If you read my email from a few weeks ago, you’ll know that Facebook had randomly decided that my www.michaelwilding.com blog was malicious or abusive.
No idea why.
It had been fine for nearly a decade. Then suddenly, one morning, I could no longer post links to my site.
I spent ages on Google, and tried everything I found.
I tried contacting Facebook.
What the hell do you do in a situation like this?
You’re communicating with a faceless organisation who send stock replies without actually reading your messages.
A reader, Joshua, also got in touch with me saying the same thing had happened to him, and he’d got nowhere.
And then… he said something that got me thinking.
I went into the business manager for Facebook, and guess what?
They have a live support chat for their advertising.
Holy mother of god, I can actually speak to a real person.
Not only that, but a nice person, who knew what they were talking about.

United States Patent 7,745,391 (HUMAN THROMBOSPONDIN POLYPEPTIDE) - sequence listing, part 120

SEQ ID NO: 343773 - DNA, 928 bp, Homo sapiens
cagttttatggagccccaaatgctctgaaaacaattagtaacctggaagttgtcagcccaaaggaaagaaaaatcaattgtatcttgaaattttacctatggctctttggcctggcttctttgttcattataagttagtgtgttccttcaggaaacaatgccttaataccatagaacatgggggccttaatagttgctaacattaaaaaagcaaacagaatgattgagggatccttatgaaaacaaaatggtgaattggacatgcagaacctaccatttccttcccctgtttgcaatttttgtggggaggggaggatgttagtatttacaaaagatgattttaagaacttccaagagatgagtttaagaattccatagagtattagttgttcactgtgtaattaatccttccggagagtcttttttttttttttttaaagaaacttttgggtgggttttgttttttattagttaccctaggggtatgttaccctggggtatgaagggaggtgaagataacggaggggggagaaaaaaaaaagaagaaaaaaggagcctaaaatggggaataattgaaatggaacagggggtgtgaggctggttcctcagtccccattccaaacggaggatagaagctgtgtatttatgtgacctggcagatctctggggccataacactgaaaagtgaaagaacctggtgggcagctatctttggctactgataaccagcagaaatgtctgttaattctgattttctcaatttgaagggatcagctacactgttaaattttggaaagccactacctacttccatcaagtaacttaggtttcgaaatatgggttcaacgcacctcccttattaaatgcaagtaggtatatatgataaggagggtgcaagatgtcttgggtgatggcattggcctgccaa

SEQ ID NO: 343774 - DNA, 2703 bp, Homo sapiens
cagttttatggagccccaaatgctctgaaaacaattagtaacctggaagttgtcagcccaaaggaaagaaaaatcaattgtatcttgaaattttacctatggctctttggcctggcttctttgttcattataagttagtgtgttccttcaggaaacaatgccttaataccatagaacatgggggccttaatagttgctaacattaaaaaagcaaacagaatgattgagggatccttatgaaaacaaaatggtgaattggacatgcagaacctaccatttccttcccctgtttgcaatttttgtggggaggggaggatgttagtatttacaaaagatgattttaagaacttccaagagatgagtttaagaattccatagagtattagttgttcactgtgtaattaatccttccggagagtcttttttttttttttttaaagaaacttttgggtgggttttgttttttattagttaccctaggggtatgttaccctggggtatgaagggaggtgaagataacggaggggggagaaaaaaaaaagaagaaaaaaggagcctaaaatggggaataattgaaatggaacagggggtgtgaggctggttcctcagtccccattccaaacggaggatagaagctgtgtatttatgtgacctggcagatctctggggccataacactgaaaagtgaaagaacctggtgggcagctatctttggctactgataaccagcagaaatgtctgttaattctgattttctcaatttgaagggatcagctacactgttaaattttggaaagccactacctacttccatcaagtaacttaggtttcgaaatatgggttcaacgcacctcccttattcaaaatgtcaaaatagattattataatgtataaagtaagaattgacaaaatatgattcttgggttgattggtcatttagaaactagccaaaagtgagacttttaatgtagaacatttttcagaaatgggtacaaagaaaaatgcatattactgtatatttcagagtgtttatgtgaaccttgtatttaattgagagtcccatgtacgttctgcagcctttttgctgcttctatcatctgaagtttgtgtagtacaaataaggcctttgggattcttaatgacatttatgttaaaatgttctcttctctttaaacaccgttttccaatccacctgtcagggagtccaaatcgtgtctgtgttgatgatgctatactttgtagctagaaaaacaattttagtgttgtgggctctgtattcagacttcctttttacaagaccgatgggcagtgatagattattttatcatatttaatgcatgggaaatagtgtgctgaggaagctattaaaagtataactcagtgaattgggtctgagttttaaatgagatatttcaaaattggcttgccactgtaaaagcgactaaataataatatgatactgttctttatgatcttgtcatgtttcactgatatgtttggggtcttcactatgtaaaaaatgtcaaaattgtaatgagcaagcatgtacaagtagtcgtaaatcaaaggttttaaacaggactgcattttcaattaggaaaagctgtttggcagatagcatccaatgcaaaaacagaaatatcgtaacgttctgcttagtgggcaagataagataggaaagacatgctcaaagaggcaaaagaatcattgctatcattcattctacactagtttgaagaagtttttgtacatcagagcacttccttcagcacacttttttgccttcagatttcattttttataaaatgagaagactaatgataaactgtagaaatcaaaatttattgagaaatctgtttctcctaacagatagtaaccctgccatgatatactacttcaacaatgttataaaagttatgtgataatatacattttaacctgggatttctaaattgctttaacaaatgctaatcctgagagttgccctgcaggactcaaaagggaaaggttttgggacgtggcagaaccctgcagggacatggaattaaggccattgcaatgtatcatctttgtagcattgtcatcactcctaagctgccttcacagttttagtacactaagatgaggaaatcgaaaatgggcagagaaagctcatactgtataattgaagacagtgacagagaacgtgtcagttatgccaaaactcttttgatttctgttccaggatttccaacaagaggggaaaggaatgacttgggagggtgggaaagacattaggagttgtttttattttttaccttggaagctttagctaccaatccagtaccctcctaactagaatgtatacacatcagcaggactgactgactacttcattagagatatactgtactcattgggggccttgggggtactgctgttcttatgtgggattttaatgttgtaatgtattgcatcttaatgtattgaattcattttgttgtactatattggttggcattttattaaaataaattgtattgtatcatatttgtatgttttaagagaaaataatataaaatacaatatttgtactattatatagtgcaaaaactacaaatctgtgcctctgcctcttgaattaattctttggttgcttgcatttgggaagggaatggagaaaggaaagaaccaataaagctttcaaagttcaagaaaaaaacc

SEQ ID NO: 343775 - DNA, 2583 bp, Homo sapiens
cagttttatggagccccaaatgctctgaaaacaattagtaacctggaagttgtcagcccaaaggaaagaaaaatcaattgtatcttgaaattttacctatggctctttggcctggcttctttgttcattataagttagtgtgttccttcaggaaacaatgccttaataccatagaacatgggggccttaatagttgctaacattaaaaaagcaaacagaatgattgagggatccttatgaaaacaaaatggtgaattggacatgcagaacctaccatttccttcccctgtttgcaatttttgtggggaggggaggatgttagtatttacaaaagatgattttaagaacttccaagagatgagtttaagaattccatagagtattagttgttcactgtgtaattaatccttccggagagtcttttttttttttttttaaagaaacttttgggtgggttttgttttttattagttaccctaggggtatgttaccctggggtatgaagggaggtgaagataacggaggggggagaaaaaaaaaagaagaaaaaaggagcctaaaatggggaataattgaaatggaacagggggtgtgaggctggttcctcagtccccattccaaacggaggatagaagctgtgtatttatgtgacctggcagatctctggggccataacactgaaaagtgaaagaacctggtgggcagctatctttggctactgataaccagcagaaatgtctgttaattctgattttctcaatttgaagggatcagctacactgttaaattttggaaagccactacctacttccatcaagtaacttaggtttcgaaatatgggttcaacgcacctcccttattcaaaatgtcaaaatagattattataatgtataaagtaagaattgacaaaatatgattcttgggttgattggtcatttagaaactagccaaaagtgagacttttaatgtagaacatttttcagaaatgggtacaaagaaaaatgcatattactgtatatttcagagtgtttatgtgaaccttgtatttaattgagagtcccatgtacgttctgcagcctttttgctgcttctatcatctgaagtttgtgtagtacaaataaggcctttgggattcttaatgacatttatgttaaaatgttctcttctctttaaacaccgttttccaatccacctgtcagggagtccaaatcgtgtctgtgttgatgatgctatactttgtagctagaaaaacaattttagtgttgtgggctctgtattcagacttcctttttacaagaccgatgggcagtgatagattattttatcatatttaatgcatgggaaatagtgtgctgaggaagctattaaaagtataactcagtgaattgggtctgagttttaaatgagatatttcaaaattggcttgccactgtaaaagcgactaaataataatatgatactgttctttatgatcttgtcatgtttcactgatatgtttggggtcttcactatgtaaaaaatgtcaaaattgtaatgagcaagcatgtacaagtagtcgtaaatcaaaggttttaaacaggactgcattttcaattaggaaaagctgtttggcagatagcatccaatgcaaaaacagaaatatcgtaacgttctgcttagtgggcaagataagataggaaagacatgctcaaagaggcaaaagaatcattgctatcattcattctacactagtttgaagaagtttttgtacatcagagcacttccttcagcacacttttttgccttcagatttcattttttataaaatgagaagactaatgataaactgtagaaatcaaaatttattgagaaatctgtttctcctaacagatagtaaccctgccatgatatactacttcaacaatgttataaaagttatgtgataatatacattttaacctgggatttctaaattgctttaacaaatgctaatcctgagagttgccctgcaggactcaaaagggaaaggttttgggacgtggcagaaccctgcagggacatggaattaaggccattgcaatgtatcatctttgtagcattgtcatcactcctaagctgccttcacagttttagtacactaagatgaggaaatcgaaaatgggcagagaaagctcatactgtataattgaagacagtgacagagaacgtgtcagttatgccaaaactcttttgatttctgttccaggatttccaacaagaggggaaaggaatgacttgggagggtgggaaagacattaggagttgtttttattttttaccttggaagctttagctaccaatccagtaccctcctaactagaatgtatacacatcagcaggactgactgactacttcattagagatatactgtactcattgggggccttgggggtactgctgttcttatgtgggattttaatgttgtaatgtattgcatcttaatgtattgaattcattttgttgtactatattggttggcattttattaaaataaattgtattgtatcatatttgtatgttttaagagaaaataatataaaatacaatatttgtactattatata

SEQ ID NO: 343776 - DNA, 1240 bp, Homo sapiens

The issue got escalated, and I was promised an email within the next 48 hours.
Expecting very little from it, I was shocked to find an email in the next few hours telling me that the listing was an error and had now been removed.
That’s possibly the first good, and it really was good, interaction I’ve ever had with Facebook support.
Use their business advertising support chat.
Of course, the question is why did it happen to start with!
Facebook claim it was an error.
Me… I don’t think it was.
Just a few days before the block, I’d moved my DNS to CloudFlare and was using one of their free SSL certificates.
These certificates are shared amongst many users, which is why they’re free.
A few years ago Facebook was rejecting these SSL certificates as malicious.
However, due to the lack of IP addresses in the world, most SSL certificates are now shared.
What I think happened is… I moved to CloudFlare and my SSL changed from a dedicated one to a shared one. This flagged a warning in Facebook’s system and I got blocked.
Since having everything cleared and working again, I’ve purchased a dedicated SSL certificate through CloudFlare and have had no problems.
Was it the free SSL certificate they offered, or was it Facebook making a mistake?
Ultimately I’ll never know, but the issue is resolved.
What this highlights is that if your main assets are held by another company (e.g. a Facebook page) then at any time your business could dissappear over night.
Make sure that you are always in control of your core business.
Over and out,